Posts tagged with: smoking

justpoliticsIn the most recent issue of Religion & Liberty (22.3), I review Just Politics by Ronald Sider (read the full review here). While the book has much to commend it, my review ultimately ends up being critical. I do not believe it succeeds in constructing a solid social framework for Evangelicals comparable to Roman Catholics and mainline Protestants, as is its stated goal. I write,

Just Politics may be a guide in the same sense that a field guide to birds can rightly be called a guide, but it does not succeed at being “a methodology”—like, for example, the scientific method—as is its stated goal. Or more to the point, unlike the Roman Catholic framework of subsidiarity, solidarity, and natural law or the neo-Calvinist framework of sphere sovereignty, the antithesis, and common grace, Sider’s framework (Part 3 of the book and the vast majority, nearly 140 pages) resembles more the things one would hang upon a framework than a framework itself.

Among the many things Sider highlights in field-guide-to-birds style (between “Starvation” and “Capital Punishment”) is this peculiarity under the category of the sanctity of human life:

Smoking

Smoking kills an estimated 438,000 Americans every year. Around the world, the death toll from smoking rises to 5 million each year.

The social costs are enormous. The US Department of Health and Human Services estimates that smoking costs the nation $75.5 billion each year in medical bills and $92 billion in low productivity. Lung cancer snatches fathers and mothers away prematurely.

Given the devastation caused by smoking tobacco, it is especially ironic that senator Jesse Helms, long heralded as one of the great pro-life supporters, strongly supported government funding to send American tobacco to developing countries under our “Food for Peace” program.

Christians must insist that the sanctity of human life applies to everyone, including people seduced by clever cigarette advertising. Christians must work for effective laws that prevent tobacco advertisements, forbid smoking in most public buildings and facilities, and educate the public on the dangers of smoking. American experience over the last thirty years demonstrates that this mix of government programs can reduce smoking and the deaths it causes.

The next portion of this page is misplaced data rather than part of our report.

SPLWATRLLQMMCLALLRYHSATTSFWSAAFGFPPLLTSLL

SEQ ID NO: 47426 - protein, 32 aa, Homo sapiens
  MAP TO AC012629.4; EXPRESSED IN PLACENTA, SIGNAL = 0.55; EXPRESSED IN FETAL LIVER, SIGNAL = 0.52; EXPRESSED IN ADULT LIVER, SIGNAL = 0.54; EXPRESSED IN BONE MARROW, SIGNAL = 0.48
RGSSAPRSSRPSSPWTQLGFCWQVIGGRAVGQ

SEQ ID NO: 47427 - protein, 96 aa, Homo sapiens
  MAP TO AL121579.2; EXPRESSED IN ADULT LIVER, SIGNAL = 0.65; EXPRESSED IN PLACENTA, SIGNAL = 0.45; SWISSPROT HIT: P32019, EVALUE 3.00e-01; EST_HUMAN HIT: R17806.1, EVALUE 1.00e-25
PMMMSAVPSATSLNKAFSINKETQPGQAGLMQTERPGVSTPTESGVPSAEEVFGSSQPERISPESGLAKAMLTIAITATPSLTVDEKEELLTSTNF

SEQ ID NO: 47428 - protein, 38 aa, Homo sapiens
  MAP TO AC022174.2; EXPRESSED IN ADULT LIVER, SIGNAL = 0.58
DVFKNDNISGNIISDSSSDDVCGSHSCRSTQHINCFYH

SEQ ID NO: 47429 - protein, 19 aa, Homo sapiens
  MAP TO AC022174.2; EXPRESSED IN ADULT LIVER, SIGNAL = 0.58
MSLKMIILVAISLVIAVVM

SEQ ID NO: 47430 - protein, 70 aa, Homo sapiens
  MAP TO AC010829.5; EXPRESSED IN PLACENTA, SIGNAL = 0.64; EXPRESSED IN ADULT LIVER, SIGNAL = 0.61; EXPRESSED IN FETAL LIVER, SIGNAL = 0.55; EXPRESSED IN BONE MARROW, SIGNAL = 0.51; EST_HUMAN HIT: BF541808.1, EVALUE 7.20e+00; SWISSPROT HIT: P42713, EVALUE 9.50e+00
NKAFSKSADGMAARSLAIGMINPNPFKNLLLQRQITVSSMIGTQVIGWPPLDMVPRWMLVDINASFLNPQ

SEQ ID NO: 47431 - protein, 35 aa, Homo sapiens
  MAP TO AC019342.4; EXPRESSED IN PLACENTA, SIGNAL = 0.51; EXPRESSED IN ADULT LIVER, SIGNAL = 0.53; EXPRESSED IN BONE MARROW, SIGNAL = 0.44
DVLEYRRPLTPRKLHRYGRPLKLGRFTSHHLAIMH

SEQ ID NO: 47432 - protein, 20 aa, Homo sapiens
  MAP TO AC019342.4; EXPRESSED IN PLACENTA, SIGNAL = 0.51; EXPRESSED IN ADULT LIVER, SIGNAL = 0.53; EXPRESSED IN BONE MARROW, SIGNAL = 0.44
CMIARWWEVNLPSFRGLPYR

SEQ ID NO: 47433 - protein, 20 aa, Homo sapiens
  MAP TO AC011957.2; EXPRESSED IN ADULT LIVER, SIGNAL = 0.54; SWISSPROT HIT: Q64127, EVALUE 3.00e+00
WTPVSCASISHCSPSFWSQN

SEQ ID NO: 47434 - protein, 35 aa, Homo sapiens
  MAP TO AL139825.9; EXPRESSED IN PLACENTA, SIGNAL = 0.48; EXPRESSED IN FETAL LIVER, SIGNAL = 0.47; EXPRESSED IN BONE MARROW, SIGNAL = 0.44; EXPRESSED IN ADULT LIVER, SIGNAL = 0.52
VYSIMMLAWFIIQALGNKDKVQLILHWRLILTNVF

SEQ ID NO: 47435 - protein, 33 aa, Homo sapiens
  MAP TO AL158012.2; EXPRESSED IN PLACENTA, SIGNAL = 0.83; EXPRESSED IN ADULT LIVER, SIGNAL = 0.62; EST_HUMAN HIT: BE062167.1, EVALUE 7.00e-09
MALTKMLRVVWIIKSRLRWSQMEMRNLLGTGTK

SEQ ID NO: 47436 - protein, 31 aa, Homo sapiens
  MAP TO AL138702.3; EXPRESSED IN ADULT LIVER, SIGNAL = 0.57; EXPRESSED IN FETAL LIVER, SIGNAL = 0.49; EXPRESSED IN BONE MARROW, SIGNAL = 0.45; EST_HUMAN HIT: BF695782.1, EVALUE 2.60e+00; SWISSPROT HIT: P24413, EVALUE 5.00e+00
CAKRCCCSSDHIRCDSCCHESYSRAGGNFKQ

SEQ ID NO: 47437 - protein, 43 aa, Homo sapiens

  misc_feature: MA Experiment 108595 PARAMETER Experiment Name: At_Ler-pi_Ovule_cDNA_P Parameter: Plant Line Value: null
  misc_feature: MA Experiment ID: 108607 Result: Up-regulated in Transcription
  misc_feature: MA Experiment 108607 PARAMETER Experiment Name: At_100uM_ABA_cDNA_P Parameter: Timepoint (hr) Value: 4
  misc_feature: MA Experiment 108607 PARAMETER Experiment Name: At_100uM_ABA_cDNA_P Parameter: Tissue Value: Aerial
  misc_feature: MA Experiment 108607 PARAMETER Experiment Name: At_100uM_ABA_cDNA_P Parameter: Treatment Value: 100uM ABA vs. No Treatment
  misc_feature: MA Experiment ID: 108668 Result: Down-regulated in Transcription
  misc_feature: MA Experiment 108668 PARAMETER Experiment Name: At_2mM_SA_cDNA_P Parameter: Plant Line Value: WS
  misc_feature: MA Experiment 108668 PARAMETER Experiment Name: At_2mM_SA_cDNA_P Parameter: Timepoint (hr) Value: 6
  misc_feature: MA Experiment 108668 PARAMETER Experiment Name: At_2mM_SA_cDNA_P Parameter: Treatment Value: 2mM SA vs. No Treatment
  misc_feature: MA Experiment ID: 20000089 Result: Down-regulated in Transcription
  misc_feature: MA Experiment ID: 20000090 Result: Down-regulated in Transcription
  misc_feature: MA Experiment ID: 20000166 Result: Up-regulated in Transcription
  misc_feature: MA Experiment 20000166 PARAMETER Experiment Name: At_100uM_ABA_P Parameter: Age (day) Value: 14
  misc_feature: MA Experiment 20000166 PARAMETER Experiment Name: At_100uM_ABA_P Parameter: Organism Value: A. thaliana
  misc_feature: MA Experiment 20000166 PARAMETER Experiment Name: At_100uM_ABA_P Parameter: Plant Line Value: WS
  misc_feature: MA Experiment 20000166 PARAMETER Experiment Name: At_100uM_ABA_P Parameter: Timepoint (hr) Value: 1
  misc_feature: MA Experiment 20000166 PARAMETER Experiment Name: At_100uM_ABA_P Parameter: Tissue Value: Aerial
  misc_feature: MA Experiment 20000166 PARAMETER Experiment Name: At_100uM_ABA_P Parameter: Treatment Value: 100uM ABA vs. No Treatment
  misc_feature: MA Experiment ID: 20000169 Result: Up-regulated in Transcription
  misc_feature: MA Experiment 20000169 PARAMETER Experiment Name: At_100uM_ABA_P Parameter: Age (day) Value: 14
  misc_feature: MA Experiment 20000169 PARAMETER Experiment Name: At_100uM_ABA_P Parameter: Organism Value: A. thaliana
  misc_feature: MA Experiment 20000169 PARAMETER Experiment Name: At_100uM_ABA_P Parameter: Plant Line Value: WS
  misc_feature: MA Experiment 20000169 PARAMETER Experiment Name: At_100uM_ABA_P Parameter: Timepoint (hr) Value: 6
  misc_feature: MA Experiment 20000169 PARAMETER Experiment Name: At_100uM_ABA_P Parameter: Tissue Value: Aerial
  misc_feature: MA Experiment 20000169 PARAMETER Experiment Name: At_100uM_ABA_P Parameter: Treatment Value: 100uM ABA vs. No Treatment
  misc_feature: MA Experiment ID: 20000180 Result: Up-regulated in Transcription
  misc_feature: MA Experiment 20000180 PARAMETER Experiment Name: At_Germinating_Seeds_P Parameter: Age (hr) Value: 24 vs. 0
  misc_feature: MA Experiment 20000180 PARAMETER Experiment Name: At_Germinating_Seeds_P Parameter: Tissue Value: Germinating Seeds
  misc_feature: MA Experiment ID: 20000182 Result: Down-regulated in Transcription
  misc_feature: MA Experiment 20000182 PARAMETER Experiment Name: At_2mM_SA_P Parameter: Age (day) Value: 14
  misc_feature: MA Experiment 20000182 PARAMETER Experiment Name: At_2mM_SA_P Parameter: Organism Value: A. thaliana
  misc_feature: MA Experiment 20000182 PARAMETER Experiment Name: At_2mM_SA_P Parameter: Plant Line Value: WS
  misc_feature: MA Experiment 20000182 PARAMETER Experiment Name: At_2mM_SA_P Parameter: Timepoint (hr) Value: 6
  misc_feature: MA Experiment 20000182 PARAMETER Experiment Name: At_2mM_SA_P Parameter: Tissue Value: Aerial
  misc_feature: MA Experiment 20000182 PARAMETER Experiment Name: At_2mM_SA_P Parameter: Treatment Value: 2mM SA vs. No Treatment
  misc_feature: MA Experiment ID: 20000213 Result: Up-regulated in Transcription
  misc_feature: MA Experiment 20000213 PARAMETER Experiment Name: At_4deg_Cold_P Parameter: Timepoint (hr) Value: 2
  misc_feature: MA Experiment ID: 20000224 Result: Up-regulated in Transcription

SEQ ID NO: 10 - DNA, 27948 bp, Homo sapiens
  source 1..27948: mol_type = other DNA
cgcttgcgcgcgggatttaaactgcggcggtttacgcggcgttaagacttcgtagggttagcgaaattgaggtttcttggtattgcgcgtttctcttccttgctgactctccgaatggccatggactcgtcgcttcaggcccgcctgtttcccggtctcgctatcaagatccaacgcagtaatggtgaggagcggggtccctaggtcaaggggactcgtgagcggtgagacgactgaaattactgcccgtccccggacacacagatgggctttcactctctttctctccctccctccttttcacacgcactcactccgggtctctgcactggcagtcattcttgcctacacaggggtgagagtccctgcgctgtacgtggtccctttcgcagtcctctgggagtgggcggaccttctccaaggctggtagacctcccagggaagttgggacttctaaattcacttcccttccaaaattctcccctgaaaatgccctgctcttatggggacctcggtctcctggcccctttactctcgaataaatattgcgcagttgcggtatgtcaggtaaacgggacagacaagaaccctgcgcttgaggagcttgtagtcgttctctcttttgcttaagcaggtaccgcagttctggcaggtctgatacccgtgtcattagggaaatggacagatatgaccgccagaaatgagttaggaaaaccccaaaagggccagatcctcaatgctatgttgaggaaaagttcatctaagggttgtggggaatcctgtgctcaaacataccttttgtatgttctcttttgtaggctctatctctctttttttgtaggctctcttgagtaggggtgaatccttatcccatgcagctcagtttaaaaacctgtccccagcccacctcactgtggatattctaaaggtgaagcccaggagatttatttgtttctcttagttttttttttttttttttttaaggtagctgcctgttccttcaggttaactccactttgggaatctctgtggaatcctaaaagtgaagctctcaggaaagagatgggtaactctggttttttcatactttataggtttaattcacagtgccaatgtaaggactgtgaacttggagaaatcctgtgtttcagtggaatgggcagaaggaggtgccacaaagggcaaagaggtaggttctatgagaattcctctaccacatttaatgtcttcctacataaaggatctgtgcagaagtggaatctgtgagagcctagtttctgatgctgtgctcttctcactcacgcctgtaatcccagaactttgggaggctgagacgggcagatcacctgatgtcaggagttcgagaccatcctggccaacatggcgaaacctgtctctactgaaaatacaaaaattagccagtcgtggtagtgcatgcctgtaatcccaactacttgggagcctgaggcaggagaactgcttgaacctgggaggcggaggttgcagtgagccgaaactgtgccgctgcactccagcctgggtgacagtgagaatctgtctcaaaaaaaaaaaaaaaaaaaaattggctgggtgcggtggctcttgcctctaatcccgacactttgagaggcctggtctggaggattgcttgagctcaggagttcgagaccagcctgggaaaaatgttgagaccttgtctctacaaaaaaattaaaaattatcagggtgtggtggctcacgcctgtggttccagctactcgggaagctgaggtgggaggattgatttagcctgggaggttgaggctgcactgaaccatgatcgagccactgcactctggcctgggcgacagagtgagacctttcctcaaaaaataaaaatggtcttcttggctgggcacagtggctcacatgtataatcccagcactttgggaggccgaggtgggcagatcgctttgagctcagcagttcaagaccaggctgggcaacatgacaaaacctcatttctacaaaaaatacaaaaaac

I find the above statement both challenging and confusing. Let me explain…. (more…)

Blog author: rnothstine
Monday, January 21, 2008
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It appears the citizens of an anti-democratic China have stood up to government authorities who are suggesting smoke free restaurants in preparation for this year’s Summer Olympics. The Beijing Disease Control and Prevention Center urged restaurants in the Chinese capital to completely ban smoking on their premises. While the smoking ban is only a suggestion, the article declares not a single restaurant has taken up the suggestion in the city of Beijing.

Even though the United States has fewer smokers by far, maybe we can send them some of our own big government anti-smoking officials to assist them in banning smoking in restaurants and bars. After all, they have been quite successful in our own country of squashing the rights of proprietors to make their own decisions about their business.

It looks like the first mistake of the Chinese government officials was in offering a mere suggestion to city eateries. The government’s tactic clearly lacked language that exudes a self-righteous and a morally superior tone. Language that assumes to know what is best for our own interest, over the interest of businesses owners to choose what is appropriate for their customers. Chinese bureaucrats have much to learn from freedom squelchers in our own country.

The attempt to diminish smoking in Beijing facilities is part of a larger public relations effort to spruce up the Chinese image across the world. Unfortunately, it doesn’t seem to say much for the current state of Western values when the Chinese government feels smoking is the biggest negative image maker in a country marked with notorious human rights abuses.

Whatever your personal opinion about smoking in public, I’ve always felt business owners should be able to make up their own rules about smoking in their facility. Apparently even the authoritarian government in China agrees, because after all, it was only a suggestion.